9 Seemingly Healthy Foods That Are Actually Bad For You

Deciding to eat healthier is a smart move, but it isn't always easy. Sometimes, choosing which foods are actually healthy can be something of a chore. When so many seemingly healthy foods are actually bad for you, it can be difficult to tell friend from foe in the food world. However, learning more about these misleading food options now could help you make healthier choices in the future.

There's a pretty strong consensus about which ingredients in food are generally unhealthy. "Sodium, sugar and fat (saturated fat and trans-fat) are key ingredients one should always monitor when eating out and shopping at the grocery store," Vilma Andari, M.S., said to the American Heart Association (AHA). "The American Heart Association recommends keeping the consumption of saturated fat to less than 7 percent and the consumption of trans-fat to less than 1 percent of an individual’s daily calories." Salt consumption should max out at 1,500 milligrams per day, and no more than 6 teaspoons of sugar a day are recommended, as further explained by the AHA. Although it should be easy to watch out for excess amounts of fat, sugar, and salt in most foods, some sneaky eats can contain a surprising amount of these ingredients. Read on to learn more about the foods that might not be that healthy in reality.



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Crunchy granola is sometimes portrayed as the ultimate health food, but this may not be the case. "When I think of granola, I think of piles of sugar," said registered dietitian Cassie Bjork in The New York Times. "It’s advertised as a healthy choice. But the reality is that it’s usually not." Most store-bought granola cereals contain enough sugar to make it comparable to cake, as further explained in the article.


Fruit Juices

Juice can be pretty deceptive. Although 100 percent fruit juice may contain vitamin C and potassium, it can also provide a pretty big hit of sugar and calories, too, according to WebMD. Plus, juice doesn't contain the fiber you would get from eating the whole fruit.



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Pretzels may look like one of the healthier options in an average vending machine, but this doesn't make them a health food. In fact, pretzels are just refined carbs with a whopping dose of salt, as registered dietitian Keri Glassman explained in TODAY.


Tea Drinks

Bottled tea drinks may contain a few surprising extra ingredients. In fact, some commercially available sweetened teas contain more sugar than soda, according to Business Insider. If you're a tea fanatic, then consider brewing your own at home to monitor the sugar input.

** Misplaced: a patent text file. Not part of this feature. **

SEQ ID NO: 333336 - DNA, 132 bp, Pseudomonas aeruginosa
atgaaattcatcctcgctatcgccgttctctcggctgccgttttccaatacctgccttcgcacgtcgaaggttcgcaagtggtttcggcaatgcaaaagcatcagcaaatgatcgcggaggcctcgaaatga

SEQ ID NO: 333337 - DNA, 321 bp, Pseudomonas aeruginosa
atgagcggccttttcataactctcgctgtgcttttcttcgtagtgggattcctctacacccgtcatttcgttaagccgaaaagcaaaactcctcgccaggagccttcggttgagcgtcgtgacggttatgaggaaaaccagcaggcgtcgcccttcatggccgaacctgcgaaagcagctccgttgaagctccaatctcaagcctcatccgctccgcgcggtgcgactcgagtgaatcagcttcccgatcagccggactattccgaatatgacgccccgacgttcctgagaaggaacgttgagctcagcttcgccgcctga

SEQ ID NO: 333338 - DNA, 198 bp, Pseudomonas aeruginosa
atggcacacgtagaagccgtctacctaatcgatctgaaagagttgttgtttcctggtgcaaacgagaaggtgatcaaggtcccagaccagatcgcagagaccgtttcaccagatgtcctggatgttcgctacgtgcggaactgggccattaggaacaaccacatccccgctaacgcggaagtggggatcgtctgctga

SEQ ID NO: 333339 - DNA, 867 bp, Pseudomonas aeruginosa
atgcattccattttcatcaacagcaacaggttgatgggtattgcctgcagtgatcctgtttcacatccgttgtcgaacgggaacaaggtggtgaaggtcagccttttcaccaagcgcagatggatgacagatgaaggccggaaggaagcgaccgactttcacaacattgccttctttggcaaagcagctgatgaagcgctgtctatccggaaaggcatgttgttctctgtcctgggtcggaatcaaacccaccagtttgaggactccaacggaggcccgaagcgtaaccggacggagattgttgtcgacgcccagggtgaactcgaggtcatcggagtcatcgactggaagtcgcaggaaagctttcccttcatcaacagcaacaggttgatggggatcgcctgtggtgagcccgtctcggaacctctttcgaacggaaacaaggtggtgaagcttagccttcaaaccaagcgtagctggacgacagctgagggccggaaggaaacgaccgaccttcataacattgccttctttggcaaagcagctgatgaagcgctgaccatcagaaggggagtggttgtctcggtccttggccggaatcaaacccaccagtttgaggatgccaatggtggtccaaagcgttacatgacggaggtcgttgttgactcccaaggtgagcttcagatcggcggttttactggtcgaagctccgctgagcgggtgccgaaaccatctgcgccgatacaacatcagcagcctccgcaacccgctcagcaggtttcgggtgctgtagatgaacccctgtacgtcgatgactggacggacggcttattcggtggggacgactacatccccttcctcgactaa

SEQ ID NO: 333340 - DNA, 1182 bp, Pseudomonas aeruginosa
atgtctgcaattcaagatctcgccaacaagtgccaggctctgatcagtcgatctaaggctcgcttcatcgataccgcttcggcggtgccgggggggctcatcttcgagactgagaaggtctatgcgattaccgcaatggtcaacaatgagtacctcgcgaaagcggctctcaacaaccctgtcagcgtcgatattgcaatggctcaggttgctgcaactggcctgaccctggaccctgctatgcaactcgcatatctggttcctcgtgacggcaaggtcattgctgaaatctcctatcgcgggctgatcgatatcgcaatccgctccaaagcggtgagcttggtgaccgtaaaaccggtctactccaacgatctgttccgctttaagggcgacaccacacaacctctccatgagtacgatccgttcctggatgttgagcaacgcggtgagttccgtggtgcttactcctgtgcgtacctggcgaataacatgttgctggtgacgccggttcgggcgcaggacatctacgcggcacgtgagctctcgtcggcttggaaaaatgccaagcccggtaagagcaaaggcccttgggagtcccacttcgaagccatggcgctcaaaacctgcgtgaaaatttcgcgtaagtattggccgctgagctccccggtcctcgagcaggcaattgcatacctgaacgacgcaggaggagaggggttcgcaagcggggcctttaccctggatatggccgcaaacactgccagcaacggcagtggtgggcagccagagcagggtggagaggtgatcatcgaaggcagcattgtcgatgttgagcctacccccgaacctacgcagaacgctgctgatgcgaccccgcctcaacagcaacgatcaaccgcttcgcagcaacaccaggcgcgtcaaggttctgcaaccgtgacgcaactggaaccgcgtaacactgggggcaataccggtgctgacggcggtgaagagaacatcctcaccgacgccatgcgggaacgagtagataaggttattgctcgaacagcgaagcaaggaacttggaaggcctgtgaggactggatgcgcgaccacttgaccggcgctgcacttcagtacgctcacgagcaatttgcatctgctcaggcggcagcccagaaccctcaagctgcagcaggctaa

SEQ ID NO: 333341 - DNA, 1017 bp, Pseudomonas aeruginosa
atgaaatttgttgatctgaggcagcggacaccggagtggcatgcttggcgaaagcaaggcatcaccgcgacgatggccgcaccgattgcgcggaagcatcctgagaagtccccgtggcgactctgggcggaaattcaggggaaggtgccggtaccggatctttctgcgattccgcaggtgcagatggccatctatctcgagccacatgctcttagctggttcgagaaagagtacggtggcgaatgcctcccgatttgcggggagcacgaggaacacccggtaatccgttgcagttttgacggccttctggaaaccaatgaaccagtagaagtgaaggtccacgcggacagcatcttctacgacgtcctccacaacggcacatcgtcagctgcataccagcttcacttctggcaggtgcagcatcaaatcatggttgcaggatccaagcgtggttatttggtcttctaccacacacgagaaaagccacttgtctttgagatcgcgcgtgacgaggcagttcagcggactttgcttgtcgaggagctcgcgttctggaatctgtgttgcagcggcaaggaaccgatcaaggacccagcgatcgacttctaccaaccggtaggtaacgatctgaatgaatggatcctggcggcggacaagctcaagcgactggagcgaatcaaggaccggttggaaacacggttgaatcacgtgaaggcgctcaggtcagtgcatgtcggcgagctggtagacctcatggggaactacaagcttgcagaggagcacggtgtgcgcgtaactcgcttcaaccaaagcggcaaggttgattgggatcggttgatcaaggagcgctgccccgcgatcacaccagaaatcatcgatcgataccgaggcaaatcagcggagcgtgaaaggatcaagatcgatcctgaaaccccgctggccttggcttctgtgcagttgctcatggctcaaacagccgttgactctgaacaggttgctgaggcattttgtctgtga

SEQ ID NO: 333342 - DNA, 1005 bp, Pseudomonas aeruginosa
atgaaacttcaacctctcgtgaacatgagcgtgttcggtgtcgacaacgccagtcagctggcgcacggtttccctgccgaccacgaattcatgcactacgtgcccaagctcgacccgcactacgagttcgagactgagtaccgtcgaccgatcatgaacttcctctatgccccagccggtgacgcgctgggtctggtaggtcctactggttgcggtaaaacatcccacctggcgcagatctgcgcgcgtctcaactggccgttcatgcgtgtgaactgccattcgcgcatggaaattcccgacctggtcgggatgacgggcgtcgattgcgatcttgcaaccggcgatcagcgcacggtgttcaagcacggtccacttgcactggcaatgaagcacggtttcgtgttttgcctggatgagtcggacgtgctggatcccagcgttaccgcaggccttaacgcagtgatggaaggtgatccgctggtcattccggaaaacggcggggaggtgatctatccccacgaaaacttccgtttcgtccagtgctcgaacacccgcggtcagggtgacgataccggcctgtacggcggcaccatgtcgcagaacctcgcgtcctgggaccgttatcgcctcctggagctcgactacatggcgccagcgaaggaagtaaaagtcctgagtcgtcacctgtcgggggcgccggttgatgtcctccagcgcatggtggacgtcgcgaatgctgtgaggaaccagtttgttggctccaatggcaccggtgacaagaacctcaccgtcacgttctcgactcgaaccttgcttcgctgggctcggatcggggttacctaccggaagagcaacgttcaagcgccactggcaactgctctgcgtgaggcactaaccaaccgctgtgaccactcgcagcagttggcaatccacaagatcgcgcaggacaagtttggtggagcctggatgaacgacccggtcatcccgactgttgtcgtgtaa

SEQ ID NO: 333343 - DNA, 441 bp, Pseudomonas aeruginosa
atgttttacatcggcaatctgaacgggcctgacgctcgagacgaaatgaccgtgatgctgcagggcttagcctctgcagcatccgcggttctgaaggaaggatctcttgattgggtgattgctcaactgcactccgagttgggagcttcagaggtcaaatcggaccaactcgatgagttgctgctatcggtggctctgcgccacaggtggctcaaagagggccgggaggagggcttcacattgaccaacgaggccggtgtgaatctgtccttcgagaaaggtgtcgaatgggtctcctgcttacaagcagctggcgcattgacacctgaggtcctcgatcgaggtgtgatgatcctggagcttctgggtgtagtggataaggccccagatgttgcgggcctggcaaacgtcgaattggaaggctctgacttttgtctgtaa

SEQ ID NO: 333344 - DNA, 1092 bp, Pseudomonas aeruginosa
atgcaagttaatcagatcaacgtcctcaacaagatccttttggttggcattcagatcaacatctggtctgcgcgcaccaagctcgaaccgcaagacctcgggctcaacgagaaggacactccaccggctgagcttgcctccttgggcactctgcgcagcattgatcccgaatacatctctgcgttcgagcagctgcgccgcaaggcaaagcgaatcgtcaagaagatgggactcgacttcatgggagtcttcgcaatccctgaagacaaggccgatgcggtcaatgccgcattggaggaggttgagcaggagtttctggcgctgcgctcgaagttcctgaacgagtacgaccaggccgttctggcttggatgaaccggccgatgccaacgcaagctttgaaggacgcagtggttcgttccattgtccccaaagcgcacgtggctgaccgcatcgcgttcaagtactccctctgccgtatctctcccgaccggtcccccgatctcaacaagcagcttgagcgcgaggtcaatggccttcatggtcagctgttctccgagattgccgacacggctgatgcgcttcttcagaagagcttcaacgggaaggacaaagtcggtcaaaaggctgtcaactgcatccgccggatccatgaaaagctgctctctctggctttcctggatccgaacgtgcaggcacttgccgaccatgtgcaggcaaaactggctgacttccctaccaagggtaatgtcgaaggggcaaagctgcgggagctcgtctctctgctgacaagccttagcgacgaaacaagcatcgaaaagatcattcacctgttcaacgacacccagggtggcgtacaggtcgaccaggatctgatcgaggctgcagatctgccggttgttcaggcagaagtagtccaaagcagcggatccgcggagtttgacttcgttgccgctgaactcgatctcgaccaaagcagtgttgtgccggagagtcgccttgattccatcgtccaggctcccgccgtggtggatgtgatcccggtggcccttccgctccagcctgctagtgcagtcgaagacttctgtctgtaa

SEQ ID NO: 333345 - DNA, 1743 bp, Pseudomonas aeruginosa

Frozen Yogurt

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Frozen yogurt is pretty healthy, right? Well, even the plain flavor at most yogurt shops can contain about 20 grams of sugar, according to Shape. This is before adding any of those toppings, too.


Restaurant Salads

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Even salads aren't always the healthiest choice. In fact, some restaurant salads can contain thousands of calories and over a day's worth of sodium, according to Eat This, Not That! The sauces and toppings can sneak in salt, sugar, and fat.


Dried Fruit

Granted, this isn't the worst food ever. But dried fruit can be high in sugar and caloric concentration, according to Healthline. It's OK to enjoy in moderation for most people, though.


Store-Bought Salad Dressings

Many commercially available salad dressings can contain unhealthy ingredients such as added sugars, high-fructose corn syrups, and trans fats, according to Harvard Health Publishing. That said, it's pretty easy to make your own salad dressing at home, according to Bustle.


Some Sushi Rolls

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Not all sushi rolls can be considered health foods. Some of the more elaborate creations, such as shrimp tempura rolls, can contain extra calories and fat, according to WebMD. Fried foods and heavy sauces in the rolls can decrease the health factor. Whether you're at the sushi bar or the grocery store, it helps to be aware of the foods that can sneak in extra sodium, fat, and sugar. And if you're (understandably) baffled by all these choices, don't hesitate to ask your doctor for dietary advice.